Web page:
ERP Selection Case Study Audio Conference Transcript

  • Written By: J. Dowling
  • Published On: June 22 2001



ERP ERP Selection Case Study Audio Conference Transcript
J. Dowling - June 22, 2001

Introduction  

This audio conference, based on recent TEC selection engagements makes some presentations hopefully valuable to buyers and sellers of ERP software packages.

What we are going to describe is:

  • the demonstration phase

  • leading up to the demonstration phase

  • and the actual execution of ERP package demonstrations clients

The product demonstration phase causes two agenda frequently to come into conflict.

One is the supplier's agenda to present its product in a way that has proven successful for them in the past. But there is also an agenda for the buyer who wants to see it fully demonstrated in a way that they will be using it when it is fully implemented, so they can appreciate its value.

When those two agenda are harmonious the demonstrations run extremely well, and the message gets across very powerfully, but it doesn't always happen that way.

Preparation is essential for both the suppliers and the buyers of an ERP Package.

How Do We Define Success?  

For the supplier a successful demonstration exposes valuable differentiation from competitor products and it demonstrates a seamless flow of business processes and the automation of those processes.

For the customer, success is seeing those differences. Seeing how one package differentiates from the other and appreciating the value of it, whether that value is high or low. Being able to clearly see that there is a difference is considered a successful demonstration.

Comments on Vendor Preparation  

TEC has prepared for and conducted many product demonstrations. Interestingly a number of them of have included the same products being demonstrated by different teams from the same company or by different partners of the company.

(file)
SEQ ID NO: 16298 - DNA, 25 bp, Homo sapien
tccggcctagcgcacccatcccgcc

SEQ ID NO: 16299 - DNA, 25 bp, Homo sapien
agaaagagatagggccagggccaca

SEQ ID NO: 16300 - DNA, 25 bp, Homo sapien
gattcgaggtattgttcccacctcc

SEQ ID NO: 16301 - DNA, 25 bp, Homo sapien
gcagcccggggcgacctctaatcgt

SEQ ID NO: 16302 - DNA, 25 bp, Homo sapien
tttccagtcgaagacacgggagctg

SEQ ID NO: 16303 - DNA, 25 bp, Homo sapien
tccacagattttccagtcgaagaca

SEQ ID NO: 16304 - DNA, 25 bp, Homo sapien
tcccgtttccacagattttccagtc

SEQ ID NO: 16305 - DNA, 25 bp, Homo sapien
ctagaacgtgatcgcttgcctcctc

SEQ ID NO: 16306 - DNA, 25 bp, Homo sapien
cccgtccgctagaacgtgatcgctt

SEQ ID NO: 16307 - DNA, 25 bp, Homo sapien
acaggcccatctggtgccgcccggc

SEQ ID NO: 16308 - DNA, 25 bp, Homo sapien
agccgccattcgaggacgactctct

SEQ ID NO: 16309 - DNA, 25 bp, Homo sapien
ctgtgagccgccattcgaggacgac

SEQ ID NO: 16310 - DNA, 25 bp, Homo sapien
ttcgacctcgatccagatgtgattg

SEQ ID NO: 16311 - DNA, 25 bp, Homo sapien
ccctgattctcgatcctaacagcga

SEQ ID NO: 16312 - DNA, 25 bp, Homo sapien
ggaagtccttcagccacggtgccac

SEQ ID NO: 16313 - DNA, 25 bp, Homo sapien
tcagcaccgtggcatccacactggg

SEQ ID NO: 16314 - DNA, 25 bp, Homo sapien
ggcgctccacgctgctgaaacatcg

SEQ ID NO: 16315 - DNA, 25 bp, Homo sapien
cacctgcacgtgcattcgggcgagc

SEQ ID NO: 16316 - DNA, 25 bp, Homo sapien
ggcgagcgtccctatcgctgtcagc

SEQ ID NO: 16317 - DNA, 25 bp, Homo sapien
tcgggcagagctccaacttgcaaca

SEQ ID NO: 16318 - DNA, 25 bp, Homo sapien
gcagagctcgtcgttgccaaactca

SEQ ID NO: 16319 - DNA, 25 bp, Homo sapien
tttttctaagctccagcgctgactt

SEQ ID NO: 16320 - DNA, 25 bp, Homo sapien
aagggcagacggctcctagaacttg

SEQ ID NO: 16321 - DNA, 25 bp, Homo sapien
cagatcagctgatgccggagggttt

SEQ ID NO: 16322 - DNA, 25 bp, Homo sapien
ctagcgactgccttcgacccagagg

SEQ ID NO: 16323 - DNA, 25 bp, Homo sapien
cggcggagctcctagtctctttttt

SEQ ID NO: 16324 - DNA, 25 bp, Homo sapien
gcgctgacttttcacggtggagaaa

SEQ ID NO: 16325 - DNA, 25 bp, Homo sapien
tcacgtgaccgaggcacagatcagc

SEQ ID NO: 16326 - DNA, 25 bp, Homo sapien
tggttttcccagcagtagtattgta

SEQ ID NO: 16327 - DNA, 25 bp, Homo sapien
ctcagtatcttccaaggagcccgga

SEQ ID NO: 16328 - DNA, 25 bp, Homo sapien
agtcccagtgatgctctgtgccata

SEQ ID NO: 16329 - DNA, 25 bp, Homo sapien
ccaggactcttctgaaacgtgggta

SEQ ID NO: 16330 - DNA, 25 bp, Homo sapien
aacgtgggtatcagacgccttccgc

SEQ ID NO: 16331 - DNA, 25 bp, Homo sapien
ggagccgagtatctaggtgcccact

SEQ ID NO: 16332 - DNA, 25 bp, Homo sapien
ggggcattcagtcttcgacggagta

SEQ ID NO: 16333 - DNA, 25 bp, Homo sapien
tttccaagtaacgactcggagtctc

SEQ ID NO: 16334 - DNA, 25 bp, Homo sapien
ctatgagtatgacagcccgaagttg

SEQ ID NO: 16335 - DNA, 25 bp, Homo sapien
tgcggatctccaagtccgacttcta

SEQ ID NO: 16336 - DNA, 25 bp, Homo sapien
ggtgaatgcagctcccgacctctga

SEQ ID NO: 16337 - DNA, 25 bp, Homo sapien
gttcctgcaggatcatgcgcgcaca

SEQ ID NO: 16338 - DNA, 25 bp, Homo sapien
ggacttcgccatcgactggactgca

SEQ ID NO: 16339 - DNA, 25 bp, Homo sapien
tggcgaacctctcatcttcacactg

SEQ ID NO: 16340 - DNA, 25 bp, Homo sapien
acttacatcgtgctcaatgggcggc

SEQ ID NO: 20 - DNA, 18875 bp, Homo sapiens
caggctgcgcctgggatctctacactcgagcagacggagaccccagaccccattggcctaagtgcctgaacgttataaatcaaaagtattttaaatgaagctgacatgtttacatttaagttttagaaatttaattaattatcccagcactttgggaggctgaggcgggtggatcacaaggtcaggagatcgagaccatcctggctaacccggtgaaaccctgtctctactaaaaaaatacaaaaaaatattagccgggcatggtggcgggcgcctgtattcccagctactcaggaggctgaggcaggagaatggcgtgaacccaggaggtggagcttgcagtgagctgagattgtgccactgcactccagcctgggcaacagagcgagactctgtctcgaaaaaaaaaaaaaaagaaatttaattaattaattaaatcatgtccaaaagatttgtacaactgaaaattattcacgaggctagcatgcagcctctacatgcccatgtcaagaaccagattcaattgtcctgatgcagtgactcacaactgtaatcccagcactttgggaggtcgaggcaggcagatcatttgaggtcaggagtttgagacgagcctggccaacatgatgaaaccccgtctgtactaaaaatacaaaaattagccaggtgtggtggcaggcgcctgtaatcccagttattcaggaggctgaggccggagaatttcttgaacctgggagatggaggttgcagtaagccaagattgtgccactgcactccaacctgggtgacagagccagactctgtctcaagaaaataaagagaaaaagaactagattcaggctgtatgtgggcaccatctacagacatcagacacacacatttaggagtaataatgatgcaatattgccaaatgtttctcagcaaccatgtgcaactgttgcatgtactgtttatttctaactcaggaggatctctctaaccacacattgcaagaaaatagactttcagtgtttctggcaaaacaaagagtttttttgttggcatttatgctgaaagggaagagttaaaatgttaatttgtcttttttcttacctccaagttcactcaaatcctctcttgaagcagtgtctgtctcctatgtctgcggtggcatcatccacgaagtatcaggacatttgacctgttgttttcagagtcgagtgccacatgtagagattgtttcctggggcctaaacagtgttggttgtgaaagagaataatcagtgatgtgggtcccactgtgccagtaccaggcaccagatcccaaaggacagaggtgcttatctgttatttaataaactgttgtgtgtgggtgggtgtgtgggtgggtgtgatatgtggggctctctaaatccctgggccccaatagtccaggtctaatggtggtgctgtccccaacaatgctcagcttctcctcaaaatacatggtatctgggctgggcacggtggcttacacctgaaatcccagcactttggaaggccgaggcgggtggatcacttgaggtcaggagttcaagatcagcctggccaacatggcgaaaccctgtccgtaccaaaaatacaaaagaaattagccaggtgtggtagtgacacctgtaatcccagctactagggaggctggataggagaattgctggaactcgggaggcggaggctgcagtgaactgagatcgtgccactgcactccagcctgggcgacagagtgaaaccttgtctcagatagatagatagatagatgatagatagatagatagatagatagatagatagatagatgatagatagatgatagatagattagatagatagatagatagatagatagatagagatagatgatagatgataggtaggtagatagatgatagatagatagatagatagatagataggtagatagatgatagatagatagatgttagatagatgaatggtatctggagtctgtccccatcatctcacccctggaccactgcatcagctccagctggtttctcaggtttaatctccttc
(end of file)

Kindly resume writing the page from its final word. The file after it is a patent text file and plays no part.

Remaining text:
It is not unusual for three selection engagements involving the same supplier to appear to involve three different products. The RFI responses are not consistent. We can often see that a proposal will include ratings of features and functions very different from what previous ratings have been and also different from what we have seen demonstrated in the product.

We also see different teams making the presentation and they are not all equally capable of showing their product in the same light.

These demonstrations are for companies with similar process flows, for example, they have all attended the same lean waste chaser manufacturing six sigma type of business improvement courses and they have already fixed with a partner, for example, a consulting firm, on where they are going improve their business. TEC is engaged to execute the selection process.

We provide business scenario scripts that are very similar for the most part. If a supplier's business is providing to the ETO, manufacturing, or areo space defense industry, it is not unlikely the scenarios are very similar - differing only by peculiarities in customer engagement, manufacturing flow, or the specific product, but the for most part they are very similar.

What we do find is that the suppliers rarely share scripts across their organization, and it is even more rare where they do share them, does the team that provided a very good demonstration and if fact won at one location will appear at the client site be used to do the demonstration again, and even improve on it.